Photo: Sarah Crabill/Getty Images

Wendell Chavous Brings Premium Its First Top-Five in Last Ride

By Luis Torres, Staff Writer

Wendell Chavous’ last ride ends on a high note, finishing fifth in Saturday’s Fr8Auctions 250 at Talladega Sueprspeedway in Alabama.

Not only did Chavous’ 50th start marked his first top-five of his entire NASCAR Camping World Truck Series career, but it is also Premium Motorsports first ever top-five result since Jay Robinson began fielding trucks in 2015, surpassing Ross Chastain’s seventh-place result at Las Vegas Sept. 14.

This past Monday, the Hephzibah, Georgia native stated that Talladega will be his final start as he’ll be focusing on his four-year-old son, and trying to develop his racing career. Not only family will become Chavous’ priority, he also owns Steel Barn & Truss, which has done well, and felt it’s important to keep building his business going forward.

After getting out of his No. 49 Sobriety Nation Chevrolet for the final time, and thanked his entire crew for a job well done. Chavous said exiting the sport with a top-five felt great beyond belief.

“You just don’t know how great this is,” Chavous said. “Leaving the sport to take care of my family and business, and then get my best finish. Man, it’s just awesome.”

For 93 laps, Chavous’ No. 49 Sobriety Nation Chevrolet had escaped the annual thrills and spills that defines the 2.66-mile superspeedway, and put himself in great position for a top-ten effort after running at the back all race long, but he had one more challenge left as the field entered the backstretch for the final time.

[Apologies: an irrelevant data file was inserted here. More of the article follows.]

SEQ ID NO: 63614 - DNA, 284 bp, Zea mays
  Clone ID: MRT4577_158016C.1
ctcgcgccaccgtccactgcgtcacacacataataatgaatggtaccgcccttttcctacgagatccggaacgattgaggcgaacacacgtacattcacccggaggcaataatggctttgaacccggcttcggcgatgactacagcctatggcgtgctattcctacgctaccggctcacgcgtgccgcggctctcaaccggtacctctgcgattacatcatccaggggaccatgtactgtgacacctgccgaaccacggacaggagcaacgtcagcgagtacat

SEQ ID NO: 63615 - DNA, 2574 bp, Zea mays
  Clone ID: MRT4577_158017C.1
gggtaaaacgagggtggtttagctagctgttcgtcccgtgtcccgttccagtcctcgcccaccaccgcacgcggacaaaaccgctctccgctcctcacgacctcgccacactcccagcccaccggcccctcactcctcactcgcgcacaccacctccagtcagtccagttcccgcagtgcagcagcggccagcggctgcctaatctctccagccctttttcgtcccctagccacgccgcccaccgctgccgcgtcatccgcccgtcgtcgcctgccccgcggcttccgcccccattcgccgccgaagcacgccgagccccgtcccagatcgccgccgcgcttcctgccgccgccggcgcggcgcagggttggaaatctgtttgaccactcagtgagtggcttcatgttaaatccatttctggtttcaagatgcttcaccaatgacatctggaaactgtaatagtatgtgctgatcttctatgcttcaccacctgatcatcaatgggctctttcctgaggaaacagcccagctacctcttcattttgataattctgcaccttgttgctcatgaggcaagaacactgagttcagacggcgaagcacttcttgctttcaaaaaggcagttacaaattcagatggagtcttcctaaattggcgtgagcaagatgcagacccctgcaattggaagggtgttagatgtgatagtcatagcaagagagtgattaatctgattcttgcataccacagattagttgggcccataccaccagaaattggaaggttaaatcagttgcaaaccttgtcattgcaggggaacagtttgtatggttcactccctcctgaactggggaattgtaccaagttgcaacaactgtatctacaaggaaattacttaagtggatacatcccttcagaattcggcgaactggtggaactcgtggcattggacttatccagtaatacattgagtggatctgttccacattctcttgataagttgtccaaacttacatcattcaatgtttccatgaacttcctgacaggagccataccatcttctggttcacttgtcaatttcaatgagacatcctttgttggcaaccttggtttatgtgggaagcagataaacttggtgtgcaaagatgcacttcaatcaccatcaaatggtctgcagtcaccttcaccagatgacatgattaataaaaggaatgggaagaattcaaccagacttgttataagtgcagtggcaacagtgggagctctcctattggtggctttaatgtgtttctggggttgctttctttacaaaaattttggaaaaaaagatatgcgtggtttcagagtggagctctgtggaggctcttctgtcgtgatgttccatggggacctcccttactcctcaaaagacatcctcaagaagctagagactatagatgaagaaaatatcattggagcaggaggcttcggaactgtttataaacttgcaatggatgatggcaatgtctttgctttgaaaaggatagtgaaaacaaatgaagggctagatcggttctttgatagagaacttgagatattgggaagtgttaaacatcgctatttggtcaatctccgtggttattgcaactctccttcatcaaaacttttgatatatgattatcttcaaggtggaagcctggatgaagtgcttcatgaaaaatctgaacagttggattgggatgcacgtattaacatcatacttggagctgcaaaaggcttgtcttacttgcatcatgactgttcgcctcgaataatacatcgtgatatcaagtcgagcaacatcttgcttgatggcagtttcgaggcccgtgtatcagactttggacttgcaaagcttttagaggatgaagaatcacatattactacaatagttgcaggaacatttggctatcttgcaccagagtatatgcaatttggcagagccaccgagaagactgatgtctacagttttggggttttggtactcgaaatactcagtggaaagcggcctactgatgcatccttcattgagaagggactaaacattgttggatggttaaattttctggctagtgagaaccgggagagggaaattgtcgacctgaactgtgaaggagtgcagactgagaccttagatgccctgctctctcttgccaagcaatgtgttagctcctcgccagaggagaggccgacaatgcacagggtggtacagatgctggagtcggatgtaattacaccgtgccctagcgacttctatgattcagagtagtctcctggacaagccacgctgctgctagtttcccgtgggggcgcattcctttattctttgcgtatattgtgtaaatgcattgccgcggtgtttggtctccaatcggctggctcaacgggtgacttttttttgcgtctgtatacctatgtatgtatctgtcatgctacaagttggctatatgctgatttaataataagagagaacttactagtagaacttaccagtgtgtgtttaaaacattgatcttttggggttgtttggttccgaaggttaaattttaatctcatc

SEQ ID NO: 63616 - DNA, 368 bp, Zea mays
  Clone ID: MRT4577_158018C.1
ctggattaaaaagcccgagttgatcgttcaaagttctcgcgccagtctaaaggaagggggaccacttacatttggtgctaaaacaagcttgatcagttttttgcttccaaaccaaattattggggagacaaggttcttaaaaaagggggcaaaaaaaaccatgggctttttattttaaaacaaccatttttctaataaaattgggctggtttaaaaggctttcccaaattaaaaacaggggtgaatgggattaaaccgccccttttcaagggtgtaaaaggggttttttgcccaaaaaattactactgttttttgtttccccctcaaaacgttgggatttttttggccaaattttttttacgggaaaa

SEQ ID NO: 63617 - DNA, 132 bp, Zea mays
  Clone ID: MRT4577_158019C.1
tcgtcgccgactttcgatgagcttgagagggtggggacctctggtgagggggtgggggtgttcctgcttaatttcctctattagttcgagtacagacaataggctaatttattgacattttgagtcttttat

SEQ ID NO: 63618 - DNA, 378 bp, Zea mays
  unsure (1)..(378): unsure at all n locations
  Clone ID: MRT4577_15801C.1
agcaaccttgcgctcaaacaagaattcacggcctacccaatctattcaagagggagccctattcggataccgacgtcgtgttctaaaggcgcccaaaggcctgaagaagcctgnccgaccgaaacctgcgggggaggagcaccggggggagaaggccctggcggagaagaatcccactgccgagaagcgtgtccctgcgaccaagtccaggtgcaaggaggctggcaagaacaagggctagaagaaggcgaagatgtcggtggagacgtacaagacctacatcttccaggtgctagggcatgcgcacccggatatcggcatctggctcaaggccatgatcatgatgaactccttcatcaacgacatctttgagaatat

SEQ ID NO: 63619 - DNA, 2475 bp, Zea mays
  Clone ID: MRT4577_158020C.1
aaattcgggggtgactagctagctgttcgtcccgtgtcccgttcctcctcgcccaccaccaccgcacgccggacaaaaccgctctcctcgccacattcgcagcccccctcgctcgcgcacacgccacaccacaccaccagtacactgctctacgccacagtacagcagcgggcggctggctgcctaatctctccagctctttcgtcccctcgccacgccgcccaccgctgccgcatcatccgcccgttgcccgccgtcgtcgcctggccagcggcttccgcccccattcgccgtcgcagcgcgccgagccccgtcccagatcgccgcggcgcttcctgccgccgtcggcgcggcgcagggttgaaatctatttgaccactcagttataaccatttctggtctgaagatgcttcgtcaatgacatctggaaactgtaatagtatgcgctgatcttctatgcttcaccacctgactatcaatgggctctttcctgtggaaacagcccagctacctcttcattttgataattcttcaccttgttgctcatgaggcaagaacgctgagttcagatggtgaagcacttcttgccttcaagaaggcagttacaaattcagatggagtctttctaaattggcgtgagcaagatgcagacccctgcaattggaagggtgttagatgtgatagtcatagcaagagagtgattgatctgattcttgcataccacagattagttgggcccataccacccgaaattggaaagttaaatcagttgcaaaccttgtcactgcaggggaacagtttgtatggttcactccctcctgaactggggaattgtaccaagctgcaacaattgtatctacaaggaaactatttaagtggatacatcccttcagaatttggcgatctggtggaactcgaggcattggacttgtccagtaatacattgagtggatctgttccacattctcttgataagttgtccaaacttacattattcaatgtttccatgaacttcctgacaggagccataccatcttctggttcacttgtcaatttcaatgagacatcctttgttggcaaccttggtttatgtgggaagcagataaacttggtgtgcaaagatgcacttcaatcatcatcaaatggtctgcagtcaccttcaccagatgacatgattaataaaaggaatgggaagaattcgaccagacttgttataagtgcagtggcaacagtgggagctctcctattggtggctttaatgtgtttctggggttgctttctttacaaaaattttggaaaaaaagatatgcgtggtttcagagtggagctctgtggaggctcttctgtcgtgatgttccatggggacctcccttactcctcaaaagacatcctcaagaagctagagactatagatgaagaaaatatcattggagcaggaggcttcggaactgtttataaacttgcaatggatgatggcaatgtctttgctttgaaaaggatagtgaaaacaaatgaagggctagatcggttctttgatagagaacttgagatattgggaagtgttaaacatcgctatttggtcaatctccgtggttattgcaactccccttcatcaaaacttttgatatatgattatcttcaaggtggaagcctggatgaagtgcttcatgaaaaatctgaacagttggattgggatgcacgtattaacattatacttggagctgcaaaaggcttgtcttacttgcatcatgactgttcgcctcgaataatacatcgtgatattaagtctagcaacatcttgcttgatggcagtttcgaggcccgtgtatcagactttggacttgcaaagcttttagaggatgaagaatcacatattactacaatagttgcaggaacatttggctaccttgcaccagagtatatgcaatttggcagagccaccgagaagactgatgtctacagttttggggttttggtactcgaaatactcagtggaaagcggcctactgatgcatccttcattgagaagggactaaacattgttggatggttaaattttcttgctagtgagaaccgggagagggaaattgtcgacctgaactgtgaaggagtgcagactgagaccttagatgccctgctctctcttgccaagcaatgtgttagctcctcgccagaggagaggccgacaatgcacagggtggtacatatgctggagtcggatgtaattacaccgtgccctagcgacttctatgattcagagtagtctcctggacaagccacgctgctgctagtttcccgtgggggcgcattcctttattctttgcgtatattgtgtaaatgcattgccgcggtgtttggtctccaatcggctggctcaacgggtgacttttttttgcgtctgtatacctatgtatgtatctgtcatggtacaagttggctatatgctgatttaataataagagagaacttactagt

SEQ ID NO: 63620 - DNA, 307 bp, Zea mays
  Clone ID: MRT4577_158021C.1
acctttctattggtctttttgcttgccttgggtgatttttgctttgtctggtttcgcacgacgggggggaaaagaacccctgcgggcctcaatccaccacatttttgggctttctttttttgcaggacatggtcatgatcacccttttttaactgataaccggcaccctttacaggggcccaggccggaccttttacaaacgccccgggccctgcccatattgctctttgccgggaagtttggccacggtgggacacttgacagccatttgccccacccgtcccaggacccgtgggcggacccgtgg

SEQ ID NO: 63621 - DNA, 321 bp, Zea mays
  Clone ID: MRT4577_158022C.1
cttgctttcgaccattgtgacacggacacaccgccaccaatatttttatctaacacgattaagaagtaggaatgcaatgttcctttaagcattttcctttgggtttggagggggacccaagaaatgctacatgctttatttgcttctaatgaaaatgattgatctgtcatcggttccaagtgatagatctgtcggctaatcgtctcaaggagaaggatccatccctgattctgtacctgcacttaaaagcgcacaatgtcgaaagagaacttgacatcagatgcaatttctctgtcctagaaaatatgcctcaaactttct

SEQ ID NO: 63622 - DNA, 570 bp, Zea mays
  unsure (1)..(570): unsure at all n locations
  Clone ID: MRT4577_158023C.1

Chavous was running side-by-side with Robby Lyons for seventh, and was pushing Myatt Snider. Rather than sticking with him, he went down to the bottom to work with the lapped truck of Ben Rhodes. That’s where the drama picked up as Timothy Peters got into the back of race leader Noah Gragson, causing a multi-truck crash that collected several underdogs such as Jennifer Jo Cobb, Korbin Forrister, Austin Hill, and Austin Wayne Self.

Drivers went low to avoid Gragson, including Chavous who made it through unscathed as the caution came out, signifying the race was over. Due to a scoring pylon error, it had Chavous on top of leaderboard, but immediately thereafter, NASCAR declared Peters as the race winner, scoring his third win at Talladega, while Chavous was credited for fifth.

“I was just riding and they was like, ‘Go high, go low, wherever you think it’s the best place to go, just go there,'” Chavous on the closing laps. “The last corner, I just yanked left and had a hole and I come out three wide coming out of (Turn) 2, so it was just meant to be.”

Through it all, Chavous said he also had someone on his side that guided him through the last lap, as he raced with a heavy heart as one of his No. 49 pit crew’s family member passed away.

“We had a crew member that had a family member passed away, and he was riding with me,” Chavous said. “I think he pushed me on through the deal about there just a minute ago, but this is an awesome way to leave.”

In 49 previous starts, the 33-year-old has only finished no better than 12th on two occasions, both taking place this year at the season opener at Daytona and later at Texas. Now, he’ll be remembered in the NASCAR record books of having a top-five to his name forever.

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From the Pacific Northwest, Luis is a University of Idaho graduate with a Bachelor's degree in Broadcasting and Digital Media. Ever since watching the 2003 Daytona 500, being involved in auto racing is all he's ever dreamed of doing. He's also covered Idaho Athletics and high school football as both a writer and videographer. Additionally, he spent 2017 writing several racing columns as an independent journalist. Luis does video and photography, and is a fan of Seattle sports, a music critic and a motivator who wants to impact people's lives.